Q&A: Nabi Air

in SF Local Bands by

How did you come up with the name of the band?
Yoonha: The word Nabi means butterfly in Korean and bubbling up in Hebrew. They both have great symbolic meanings we vibed with and we coined the term Nabi Air since our sounds–vocals and instrumental–have an airiness to them.

How would you describe your sound?
Deric: We’re so early in the game that we almost don’t want to define it yet and put ourselves in a box. We would say a few common themes so far have been that they tend to be on the dreamy, sentimental electropop side of things with sultry vocals.

Yoonha: So far, people who’ve listened to our tracks have compared the sound to Purity Ring, Banks, and Odesza, so you get the idea of how it’s all over the spectrum. We’re okay with that for now since we’re still deep in the ‘experiment’ phase of our music career.

What are you listening to these days?
Yoonha: We both listen to so many different genres, but I’m currently obsessed with R&B and alternative pop and am listening to Billie Eilish, Jorja Smith, Kali Uchis, Frank Ocean, the list goes on.

Deric: I’m actually listening to a lot of acoustic music right now: Tallest Man on Earth, The Avett Brothers, Jose Gonzalez. Before that, I was listening to a lot of hypnotic, uplifting house – Shingo Nakamura, New Jackson, some old school Kaskade.

What does music mean to you?
Deric: For most of my life I fell into the trap that I was a logical problem-solver and meant to do technical pursuits like coding or math because I was good at them. Music taught me that this was wrong. The most important thing I’ve learned on this journey so far is that we are all creators. We are all artists who channel an underlying creative force. Our job is to unblock from the unhealthy mentalities holding us back from expressing ourselves – not to learn how to be creative, but to learn to help our inner artist release the creativity already inside us.

Yoonha: Once I stopped running away from acknowledging that music is what I love to do most, it empowered me to express myself more freely and connect with people on a whole new level. Even though we’re just releasing our first single, sharing and performing what we made and seeing people feeling it has been the craziest thing.

How’d you guys first get together to play music?
Deric: We started becoming interested in music simultaneously! I was going through a challenging period in the 30-person co-op I was living in, feeling super anti-social and purposeless. When Yoonha came over a couple of times and we started playing with beats, I felt that I had found something magical to help pull me out of my hole and guide me forward.

Yoonha: It was so fun to just create random stuff together and we got so into it! At first, we were both just focused on producing since I wasn’t sure if I should even suggesting using my untrained vocals, but one day I just decided to take Deric to karaoke to see if he’ll like my voice. He did.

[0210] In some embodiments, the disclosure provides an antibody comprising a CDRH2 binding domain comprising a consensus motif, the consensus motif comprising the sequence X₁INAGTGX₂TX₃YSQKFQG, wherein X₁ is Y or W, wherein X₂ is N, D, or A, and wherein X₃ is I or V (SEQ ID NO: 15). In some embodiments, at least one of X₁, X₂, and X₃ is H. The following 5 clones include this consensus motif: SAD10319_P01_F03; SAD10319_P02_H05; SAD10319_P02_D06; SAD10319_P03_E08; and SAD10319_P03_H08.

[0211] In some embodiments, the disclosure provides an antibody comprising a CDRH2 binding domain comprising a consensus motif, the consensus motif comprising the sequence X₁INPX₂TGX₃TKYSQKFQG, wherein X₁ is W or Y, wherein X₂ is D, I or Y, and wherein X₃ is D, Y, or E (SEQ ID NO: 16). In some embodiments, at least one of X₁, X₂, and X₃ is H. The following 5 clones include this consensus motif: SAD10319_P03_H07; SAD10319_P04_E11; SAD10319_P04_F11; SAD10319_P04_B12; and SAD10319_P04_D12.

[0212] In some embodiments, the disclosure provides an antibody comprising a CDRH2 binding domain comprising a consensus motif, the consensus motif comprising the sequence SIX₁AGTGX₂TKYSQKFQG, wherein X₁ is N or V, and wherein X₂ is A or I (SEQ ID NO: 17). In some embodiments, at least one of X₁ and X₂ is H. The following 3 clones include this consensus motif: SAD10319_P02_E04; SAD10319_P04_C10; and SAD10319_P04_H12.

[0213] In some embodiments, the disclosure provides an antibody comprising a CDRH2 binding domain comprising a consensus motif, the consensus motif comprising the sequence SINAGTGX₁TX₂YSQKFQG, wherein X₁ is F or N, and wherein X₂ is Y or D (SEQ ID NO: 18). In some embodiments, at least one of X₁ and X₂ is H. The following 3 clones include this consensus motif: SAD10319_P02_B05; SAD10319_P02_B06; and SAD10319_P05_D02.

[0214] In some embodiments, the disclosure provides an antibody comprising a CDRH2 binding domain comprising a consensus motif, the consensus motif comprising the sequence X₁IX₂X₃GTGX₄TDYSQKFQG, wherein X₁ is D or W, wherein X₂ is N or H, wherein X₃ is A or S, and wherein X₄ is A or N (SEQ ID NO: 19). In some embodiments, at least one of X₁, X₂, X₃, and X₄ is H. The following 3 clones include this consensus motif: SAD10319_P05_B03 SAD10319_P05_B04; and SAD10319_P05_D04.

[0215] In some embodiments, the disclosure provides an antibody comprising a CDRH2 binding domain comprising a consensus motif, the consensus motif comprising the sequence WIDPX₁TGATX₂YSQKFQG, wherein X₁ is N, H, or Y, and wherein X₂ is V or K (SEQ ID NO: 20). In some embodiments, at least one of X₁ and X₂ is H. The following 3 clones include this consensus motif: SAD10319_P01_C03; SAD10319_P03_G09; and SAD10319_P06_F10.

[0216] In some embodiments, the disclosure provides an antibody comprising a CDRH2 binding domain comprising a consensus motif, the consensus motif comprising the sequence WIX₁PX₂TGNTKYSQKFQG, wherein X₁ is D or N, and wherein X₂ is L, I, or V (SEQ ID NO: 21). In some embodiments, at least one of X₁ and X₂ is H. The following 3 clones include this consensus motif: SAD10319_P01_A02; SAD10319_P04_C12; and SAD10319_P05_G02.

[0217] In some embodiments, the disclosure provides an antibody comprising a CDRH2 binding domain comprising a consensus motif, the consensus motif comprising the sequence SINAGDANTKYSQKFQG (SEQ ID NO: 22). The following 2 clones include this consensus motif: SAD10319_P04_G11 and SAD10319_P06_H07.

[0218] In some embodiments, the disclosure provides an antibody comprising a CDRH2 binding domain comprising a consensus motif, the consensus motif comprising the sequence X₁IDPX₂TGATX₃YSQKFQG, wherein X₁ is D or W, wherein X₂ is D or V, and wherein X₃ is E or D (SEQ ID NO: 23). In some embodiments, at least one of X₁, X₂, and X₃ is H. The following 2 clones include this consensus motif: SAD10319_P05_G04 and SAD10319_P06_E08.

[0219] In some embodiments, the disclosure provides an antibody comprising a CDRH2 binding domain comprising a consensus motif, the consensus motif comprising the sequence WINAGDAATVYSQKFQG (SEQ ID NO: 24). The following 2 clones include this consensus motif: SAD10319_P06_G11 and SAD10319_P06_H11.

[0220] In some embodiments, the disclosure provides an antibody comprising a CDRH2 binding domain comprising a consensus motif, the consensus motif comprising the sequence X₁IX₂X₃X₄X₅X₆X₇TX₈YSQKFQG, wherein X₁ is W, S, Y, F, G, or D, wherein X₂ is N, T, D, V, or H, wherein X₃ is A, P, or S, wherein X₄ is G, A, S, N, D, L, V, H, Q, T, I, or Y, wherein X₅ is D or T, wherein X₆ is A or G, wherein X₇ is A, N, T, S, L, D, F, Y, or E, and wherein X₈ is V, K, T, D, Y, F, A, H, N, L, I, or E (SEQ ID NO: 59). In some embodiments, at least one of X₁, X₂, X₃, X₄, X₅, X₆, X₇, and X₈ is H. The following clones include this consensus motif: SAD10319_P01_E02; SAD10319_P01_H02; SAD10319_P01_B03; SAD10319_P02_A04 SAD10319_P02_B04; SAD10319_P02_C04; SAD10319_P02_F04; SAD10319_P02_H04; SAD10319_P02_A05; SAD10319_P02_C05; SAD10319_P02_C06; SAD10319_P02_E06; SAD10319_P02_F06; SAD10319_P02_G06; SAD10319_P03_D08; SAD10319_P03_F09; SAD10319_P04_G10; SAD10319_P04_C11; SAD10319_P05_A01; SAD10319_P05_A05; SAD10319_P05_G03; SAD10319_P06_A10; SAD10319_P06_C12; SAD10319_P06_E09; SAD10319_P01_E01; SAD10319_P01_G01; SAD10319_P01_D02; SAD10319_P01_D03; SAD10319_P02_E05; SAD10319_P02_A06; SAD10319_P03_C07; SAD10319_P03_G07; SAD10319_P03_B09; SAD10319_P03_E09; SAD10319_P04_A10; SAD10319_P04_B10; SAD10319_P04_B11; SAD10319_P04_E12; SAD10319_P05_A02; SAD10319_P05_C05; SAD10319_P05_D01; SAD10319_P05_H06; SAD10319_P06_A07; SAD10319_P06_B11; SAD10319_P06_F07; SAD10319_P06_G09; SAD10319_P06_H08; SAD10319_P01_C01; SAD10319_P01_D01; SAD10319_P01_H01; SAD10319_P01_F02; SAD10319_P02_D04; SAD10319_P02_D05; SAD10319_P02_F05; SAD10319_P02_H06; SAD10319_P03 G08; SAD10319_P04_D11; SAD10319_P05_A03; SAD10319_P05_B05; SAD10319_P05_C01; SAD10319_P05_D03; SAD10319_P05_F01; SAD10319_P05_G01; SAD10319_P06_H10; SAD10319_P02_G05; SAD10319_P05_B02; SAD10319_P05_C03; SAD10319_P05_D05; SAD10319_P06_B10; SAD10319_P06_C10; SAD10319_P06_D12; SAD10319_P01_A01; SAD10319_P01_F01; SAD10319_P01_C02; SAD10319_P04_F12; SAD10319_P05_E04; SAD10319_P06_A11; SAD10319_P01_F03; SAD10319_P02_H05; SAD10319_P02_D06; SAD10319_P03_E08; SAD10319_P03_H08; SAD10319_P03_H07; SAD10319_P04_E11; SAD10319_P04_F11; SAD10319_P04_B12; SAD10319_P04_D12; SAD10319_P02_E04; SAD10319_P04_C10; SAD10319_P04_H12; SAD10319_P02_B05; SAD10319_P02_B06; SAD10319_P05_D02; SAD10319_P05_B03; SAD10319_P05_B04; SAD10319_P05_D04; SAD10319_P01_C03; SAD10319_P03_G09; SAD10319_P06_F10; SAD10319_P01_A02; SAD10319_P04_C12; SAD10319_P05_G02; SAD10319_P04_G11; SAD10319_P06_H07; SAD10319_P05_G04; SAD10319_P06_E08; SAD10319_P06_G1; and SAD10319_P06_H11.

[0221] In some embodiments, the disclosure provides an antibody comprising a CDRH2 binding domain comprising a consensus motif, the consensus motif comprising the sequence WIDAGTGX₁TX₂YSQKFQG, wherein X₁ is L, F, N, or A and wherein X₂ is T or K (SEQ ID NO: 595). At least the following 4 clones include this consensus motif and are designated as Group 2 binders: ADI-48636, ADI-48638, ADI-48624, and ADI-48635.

What inspires you to write?
Yoonha: Honestly, everything in life is a source of inspiration as cliche as that sounds. I might be in the shower humming random melodies, reading a book, or even walking on the street and see a sign with a cool phrase. I have a running list of incomplete phrases and sentences on my phone which I find super helpful to come back to when I sit down to make them into songs. I also try to be more observant of my feelings nowadays and write them down which sometimes turn into good song materials.

Deric: There’s an inner energy, a deeply felt emotion that comes out in me when I hear certain types of music. For instance, uplifting, heavenly tracks give me a powerful sense of the experience of being human and connected to others, while hip-hop brings out the feeling of being on top of the world. Being able to experience those emotions through our own creations has been incredible.

Is there anything you’d like to plug?
Yoonha: Our debut single “I Already Judged You” just came out on all platforms, so we’d love for you to check it out. Listen and send it to all the fake people you want to call out.

Deric: I host a live music festival at the end of every summer called Solaura. It’s on the coasts of Mendocino with a beautiful private beach, a tight-knit community of San Francisco co-op members, and acoustic jams around the bonfire till early in the morning. If you’re interested in coming, you can find us at www.solaurafest.com. We’ll be playing this year!

An avid drummer whose discography includes albums on Digital Nations (a Steve Vai imprint), music critic Louis Raphael has always kept a pulse on the San Francisco music scene. After many years as the San Francisco Music Examiner for Examiner.com and AXS.com, he decided to start Music in SF® as a way to showcase what the San Francisco music scene really has to offer.

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